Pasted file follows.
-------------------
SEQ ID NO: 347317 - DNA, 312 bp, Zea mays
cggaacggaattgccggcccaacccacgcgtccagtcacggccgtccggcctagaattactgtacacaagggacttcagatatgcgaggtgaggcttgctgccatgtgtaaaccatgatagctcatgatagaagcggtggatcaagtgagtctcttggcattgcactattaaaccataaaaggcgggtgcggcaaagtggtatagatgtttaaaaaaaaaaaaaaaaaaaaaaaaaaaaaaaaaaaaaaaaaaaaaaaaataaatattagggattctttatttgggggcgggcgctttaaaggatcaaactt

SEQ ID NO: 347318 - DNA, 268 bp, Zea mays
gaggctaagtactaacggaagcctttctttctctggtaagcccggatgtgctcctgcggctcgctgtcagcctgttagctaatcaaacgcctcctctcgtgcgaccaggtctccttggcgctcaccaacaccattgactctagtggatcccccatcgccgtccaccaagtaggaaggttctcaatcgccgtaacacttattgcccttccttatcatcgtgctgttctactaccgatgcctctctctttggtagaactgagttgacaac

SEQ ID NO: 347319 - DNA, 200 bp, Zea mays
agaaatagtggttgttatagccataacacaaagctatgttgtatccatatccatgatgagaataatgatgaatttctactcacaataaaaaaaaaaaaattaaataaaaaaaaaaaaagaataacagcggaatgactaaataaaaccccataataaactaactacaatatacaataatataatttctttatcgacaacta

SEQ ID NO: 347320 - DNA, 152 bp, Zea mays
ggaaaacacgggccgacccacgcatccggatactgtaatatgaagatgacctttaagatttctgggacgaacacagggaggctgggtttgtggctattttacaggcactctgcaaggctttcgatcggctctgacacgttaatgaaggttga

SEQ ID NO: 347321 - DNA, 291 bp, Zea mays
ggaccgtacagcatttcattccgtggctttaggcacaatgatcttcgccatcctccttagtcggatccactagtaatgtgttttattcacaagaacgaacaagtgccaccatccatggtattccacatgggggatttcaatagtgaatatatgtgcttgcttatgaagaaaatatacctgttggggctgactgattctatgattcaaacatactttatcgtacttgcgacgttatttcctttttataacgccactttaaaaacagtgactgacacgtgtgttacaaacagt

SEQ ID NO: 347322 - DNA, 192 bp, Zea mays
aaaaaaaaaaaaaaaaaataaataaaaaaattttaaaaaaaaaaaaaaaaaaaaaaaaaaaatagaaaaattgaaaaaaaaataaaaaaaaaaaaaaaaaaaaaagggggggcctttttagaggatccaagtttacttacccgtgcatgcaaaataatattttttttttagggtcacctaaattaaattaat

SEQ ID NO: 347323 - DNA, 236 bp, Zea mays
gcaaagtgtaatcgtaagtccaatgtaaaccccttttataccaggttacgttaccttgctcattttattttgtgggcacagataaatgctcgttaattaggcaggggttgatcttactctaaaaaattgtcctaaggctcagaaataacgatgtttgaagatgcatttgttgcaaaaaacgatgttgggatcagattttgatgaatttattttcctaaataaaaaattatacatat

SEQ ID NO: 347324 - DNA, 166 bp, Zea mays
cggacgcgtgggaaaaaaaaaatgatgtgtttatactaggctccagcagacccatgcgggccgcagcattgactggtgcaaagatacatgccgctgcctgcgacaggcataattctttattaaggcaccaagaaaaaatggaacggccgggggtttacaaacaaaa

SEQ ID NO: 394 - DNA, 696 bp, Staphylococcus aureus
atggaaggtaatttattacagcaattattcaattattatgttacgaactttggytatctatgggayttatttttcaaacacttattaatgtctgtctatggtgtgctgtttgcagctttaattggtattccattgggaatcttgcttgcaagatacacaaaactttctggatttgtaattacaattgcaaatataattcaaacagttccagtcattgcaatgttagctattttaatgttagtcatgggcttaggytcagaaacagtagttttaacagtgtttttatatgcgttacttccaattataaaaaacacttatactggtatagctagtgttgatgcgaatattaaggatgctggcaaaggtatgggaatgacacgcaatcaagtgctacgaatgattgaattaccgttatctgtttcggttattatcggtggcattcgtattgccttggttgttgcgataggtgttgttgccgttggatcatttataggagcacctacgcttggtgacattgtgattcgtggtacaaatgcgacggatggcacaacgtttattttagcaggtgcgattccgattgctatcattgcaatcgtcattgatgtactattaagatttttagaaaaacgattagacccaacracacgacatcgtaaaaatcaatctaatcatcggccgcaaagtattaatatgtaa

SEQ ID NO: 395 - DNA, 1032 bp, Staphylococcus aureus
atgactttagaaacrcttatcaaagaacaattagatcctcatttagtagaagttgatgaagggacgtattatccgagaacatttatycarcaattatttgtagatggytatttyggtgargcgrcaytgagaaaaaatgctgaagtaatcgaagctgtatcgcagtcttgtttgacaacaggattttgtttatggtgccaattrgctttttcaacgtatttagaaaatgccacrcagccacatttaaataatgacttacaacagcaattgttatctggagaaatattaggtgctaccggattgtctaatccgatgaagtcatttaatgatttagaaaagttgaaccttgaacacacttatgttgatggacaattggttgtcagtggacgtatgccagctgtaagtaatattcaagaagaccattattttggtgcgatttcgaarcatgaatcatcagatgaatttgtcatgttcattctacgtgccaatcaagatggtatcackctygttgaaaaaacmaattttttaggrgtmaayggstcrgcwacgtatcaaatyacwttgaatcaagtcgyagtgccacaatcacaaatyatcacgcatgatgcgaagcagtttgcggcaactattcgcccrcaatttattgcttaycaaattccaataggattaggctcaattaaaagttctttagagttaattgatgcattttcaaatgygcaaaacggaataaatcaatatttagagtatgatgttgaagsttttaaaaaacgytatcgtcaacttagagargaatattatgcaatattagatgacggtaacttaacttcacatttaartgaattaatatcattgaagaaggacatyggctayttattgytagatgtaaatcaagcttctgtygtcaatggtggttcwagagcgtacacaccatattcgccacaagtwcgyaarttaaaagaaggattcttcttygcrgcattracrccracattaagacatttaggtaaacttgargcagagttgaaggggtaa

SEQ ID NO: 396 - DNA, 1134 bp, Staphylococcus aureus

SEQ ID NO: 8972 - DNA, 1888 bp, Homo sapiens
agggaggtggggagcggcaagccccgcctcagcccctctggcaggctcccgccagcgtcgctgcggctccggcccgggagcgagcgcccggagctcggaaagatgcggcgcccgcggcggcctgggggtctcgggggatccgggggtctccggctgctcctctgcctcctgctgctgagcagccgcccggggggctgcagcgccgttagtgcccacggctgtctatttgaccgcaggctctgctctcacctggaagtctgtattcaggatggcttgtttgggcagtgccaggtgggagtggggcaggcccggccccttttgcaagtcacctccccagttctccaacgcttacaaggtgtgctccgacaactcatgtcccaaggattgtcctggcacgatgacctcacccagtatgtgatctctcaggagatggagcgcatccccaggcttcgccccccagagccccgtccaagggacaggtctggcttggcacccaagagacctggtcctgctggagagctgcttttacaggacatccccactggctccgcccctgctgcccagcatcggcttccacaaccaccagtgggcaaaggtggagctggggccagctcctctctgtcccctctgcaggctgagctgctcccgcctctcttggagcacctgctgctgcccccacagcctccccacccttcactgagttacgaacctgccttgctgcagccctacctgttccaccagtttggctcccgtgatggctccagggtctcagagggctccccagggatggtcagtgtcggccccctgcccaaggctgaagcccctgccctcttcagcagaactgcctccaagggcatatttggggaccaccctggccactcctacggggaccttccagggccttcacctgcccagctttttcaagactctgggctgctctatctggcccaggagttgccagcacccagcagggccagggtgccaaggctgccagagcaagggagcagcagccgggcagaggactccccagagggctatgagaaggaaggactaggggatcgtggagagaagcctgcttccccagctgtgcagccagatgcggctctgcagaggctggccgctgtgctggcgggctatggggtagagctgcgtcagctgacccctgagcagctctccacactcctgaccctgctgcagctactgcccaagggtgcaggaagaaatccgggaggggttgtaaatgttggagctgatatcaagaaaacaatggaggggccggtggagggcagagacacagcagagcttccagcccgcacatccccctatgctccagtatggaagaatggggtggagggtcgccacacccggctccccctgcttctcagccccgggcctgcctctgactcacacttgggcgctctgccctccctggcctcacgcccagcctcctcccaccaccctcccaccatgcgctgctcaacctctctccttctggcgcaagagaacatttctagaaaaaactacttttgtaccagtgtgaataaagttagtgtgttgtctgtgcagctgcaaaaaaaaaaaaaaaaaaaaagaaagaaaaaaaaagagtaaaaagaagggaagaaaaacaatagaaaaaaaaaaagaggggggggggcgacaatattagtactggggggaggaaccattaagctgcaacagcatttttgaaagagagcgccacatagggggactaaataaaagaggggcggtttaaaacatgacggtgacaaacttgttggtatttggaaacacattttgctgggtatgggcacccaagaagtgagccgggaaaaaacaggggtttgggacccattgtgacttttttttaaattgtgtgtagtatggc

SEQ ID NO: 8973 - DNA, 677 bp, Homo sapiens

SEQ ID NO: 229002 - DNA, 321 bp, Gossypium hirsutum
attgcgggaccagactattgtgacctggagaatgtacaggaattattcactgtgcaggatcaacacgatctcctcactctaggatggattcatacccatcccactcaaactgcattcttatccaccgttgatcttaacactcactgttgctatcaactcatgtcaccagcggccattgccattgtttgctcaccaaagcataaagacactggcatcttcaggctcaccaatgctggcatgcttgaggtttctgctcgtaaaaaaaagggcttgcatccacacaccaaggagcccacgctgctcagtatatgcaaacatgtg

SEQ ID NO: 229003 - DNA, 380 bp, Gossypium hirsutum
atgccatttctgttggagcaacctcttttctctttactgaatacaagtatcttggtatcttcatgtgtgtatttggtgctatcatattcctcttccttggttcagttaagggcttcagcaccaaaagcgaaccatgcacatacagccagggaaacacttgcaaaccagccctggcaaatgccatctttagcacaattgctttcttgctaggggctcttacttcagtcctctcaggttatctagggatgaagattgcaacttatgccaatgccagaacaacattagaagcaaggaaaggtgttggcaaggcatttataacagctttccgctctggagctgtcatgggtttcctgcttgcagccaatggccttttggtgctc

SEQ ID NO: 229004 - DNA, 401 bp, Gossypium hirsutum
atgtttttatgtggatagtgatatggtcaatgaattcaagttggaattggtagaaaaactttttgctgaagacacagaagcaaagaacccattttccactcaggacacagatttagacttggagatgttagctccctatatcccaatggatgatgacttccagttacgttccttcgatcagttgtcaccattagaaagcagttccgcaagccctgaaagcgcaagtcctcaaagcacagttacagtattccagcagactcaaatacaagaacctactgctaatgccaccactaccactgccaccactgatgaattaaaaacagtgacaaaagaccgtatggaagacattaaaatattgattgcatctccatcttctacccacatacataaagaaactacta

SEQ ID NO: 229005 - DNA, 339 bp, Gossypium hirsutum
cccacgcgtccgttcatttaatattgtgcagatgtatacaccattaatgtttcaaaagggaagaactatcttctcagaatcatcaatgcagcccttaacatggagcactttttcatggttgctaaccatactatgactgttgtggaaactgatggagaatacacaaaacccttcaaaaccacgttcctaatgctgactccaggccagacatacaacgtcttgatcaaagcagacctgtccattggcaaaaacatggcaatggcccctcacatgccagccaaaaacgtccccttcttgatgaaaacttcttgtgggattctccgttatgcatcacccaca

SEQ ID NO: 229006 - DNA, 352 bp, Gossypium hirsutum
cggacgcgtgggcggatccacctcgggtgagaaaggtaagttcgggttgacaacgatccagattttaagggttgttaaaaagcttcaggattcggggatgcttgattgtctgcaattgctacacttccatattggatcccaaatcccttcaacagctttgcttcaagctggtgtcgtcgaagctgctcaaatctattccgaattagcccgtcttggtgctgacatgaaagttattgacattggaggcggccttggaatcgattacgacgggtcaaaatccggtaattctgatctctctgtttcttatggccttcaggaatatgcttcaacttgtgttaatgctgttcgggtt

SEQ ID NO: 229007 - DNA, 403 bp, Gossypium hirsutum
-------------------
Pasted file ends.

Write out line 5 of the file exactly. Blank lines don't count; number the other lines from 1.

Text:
SEQ ID NO: 347319 - DNA, 200 bp, Zea mays